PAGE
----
Avery Bradley

Pacific Rumors: Ball, Bradley, Warren, Payton

Lonzo Ball went through a full-contact practice on Tuesday but won’t return until after the All-Star break, Elliott Teaford of the Orange County Register reports. The Lakers rookie point guard has been sidelined since spraining his left knee on January 13th. Coach Luke Walton remained vague on when Ball would suit up. “When his body is ready, then he’ll play again,” Walton told Teaford and other reporters. “I can’t tell you whether that’s going to be the first game [after the All-Star break], the second game or the third game.”

In other news around the Pacific Division:

  • Clippers shooting guard Avery Bradley admits he’s having trouble finding his place in the team’s offensive scheme, Broderick Turner of the Los Angeles Times reports. Bradley is averaging just 9.0 PPG in 28.6 MPG since he was dealt by the Pistons to Los Angeles as part of the Blake Griffin blockbuster. “I think it’s a mix of me trying to find my rhythm and my game and trying to learn how to play off these guys,” Bradley told Turner. “They have a lot of offensive-minded guys on this team. So I have to figure out, and not only myself, but (coach Doc Rivers) has to figure out how he wants to use me.”
  • Forward T.J. Warren is making the four-year, $50MM contract extension the Suns gave him look like a bargain, according to Scott Bordow of the Arizona Republic. He’s averaging 19.7 PPG and making over 50% of his field-goal attempts. “Coming into the league, I was known for being a scorer,” Warren told Bordow. “Just getting the opportunity and staying consistent is big for me. I’m just trying to get better, make my way in this league and earn the respect of my peers.”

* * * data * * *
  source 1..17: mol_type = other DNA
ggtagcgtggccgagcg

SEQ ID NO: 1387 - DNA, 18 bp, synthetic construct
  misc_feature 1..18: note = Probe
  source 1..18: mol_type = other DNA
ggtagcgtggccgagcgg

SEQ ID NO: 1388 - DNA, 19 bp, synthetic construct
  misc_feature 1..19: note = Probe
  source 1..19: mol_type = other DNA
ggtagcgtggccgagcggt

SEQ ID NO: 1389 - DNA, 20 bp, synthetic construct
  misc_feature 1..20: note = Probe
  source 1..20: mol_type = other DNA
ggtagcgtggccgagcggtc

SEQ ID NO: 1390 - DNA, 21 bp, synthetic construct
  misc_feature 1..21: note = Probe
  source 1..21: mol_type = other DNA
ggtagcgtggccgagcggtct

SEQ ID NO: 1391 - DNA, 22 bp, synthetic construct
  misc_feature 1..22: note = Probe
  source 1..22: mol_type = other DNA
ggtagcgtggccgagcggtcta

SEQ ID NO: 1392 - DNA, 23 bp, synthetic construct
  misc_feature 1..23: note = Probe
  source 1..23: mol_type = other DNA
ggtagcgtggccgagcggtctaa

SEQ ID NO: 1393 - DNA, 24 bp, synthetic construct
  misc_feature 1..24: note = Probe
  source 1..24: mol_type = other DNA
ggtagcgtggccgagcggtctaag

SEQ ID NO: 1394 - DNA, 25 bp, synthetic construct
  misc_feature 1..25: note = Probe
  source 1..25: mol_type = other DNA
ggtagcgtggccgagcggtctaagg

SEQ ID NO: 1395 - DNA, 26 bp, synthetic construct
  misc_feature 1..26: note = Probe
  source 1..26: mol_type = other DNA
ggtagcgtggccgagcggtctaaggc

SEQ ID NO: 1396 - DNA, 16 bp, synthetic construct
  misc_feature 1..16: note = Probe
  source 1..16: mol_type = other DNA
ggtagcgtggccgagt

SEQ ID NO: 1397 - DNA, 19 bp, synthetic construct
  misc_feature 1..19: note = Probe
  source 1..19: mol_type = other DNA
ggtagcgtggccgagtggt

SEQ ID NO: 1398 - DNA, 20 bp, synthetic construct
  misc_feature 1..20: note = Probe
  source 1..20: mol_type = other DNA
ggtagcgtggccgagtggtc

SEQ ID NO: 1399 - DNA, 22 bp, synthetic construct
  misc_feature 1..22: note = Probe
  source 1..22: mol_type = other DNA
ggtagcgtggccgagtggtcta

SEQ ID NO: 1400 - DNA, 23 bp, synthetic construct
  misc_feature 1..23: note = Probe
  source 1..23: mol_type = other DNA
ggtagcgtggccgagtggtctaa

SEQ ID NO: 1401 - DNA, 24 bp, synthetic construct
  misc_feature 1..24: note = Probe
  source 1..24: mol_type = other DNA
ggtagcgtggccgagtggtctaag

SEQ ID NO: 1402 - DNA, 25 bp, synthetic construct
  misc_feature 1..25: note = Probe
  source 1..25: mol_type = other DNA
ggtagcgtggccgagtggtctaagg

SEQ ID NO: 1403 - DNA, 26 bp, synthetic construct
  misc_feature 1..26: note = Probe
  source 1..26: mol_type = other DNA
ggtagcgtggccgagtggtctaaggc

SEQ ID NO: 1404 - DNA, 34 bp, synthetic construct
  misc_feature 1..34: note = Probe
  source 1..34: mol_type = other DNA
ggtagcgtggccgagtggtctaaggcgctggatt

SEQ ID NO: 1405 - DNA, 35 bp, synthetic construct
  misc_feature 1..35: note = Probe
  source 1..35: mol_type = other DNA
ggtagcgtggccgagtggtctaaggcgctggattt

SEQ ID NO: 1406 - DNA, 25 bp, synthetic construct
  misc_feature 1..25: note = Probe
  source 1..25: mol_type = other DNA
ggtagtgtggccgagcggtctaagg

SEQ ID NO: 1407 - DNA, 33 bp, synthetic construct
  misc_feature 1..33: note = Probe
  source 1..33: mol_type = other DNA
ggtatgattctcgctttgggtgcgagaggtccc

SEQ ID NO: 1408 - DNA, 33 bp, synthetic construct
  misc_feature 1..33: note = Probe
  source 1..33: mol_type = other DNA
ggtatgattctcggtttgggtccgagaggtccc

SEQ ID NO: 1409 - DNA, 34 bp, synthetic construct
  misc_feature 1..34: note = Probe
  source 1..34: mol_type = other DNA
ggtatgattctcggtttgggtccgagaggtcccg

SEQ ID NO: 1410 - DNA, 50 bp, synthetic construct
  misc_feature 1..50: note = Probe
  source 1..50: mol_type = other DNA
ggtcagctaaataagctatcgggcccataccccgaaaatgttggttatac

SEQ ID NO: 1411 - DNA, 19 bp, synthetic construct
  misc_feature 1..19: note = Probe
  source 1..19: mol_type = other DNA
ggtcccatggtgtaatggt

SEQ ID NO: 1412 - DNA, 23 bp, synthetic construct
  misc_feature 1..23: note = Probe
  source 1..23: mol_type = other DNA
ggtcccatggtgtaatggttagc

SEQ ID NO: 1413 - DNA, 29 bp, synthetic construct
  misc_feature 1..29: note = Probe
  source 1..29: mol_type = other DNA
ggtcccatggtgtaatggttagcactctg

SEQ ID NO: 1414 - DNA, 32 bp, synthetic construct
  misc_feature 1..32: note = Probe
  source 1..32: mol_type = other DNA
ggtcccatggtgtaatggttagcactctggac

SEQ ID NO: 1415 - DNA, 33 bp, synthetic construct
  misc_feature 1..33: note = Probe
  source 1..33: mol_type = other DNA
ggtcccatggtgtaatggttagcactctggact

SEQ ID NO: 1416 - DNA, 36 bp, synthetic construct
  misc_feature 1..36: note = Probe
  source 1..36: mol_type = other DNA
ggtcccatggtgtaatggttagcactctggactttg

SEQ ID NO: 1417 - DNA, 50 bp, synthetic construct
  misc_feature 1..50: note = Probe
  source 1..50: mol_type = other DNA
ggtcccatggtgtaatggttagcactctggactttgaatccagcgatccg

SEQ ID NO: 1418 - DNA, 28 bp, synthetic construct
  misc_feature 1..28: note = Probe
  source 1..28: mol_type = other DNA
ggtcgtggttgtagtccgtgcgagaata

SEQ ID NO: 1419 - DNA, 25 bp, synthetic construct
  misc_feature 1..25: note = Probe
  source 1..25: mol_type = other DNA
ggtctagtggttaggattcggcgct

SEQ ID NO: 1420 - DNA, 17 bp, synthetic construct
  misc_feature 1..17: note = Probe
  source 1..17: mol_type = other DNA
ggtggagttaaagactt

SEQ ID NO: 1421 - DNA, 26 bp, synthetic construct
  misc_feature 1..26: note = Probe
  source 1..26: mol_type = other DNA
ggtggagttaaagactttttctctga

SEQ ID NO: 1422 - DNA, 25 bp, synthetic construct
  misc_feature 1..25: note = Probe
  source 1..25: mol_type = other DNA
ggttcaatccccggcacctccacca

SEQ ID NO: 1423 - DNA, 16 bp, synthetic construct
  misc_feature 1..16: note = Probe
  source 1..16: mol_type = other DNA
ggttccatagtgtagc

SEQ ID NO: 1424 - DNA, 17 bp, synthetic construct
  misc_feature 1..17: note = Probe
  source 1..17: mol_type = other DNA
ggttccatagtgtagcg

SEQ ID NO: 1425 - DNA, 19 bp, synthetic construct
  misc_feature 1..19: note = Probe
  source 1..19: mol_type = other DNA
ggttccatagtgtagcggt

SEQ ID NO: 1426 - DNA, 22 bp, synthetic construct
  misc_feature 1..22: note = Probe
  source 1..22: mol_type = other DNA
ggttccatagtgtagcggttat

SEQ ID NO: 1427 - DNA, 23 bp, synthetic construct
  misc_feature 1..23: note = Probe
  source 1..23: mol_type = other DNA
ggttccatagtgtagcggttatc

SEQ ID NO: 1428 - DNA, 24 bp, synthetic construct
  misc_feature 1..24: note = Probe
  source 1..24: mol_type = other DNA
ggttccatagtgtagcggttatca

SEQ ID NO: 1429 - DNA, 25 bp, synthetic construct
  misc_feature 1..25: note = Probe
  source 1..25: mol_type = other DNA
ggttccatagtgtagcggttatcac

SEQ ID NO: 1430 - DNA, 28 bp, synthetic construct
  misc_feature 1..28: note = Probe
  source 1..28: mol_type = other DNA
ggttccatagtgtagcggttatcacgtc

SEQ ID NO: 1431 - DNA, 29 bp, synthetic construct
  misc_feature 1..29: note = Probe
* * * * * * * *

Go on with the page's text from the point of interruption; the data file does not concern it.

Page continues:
• It’s no sure thing that the Suns will try to re-sign restricted free agent point guard Elfrid Payton this summer, as Bordow explains in a separate story. Phoenix, which acquired Payton for a second-round pick from the Magic, could free up $10MM in salary-cap space by renouncing Payton’s rights, Bordow continues. With Brandon Knight expected to return next season from a knee injury, the Suns could then draft a point guard as Knight’s eventual replacement and pursue a center in free agency. Bordow adds.

Windhorst/Lowe On Cavs, Clips, Dinwiddie, Hood

The Cavaliers had an eventful trade deadline, trading away six players and taking back four new ones in three Thursday trades. However, it sounds as if the team was somewhat close to making an even bigger splash. Appearing today on Zach Lowe’s Lowe Post podcast, ESPN’s Brian Windhorst said that there were people around the NBA who believed on Thursday morning that the Cavs and Clippers were gaining traction on a DeAndre Jordan deal.

“The reason people thought that was because there were other teams that were engaged in trade talks with pieces that would have spun off from that trade,” Windhorst explained. “So it got to the point where the Cavs and Clippers felt like they were close enough to some sort of agreement with each other that they could begin looking to bring in third teams and that’s why I know about it.”

According to Lowe, who says that the Cavaliers were never willing to send the Nets’ 2018 first-rounder to the Clippers in exchange for Jordan, talks between Clevleand and L.A. never got into “the red zone.” Still, Windhorst says that the two teams got at least “some distance down the road” before the Cavs opted to make other deals and the Clippers decided to keep Jordan.

Here’s more from Windhorst and Lowe: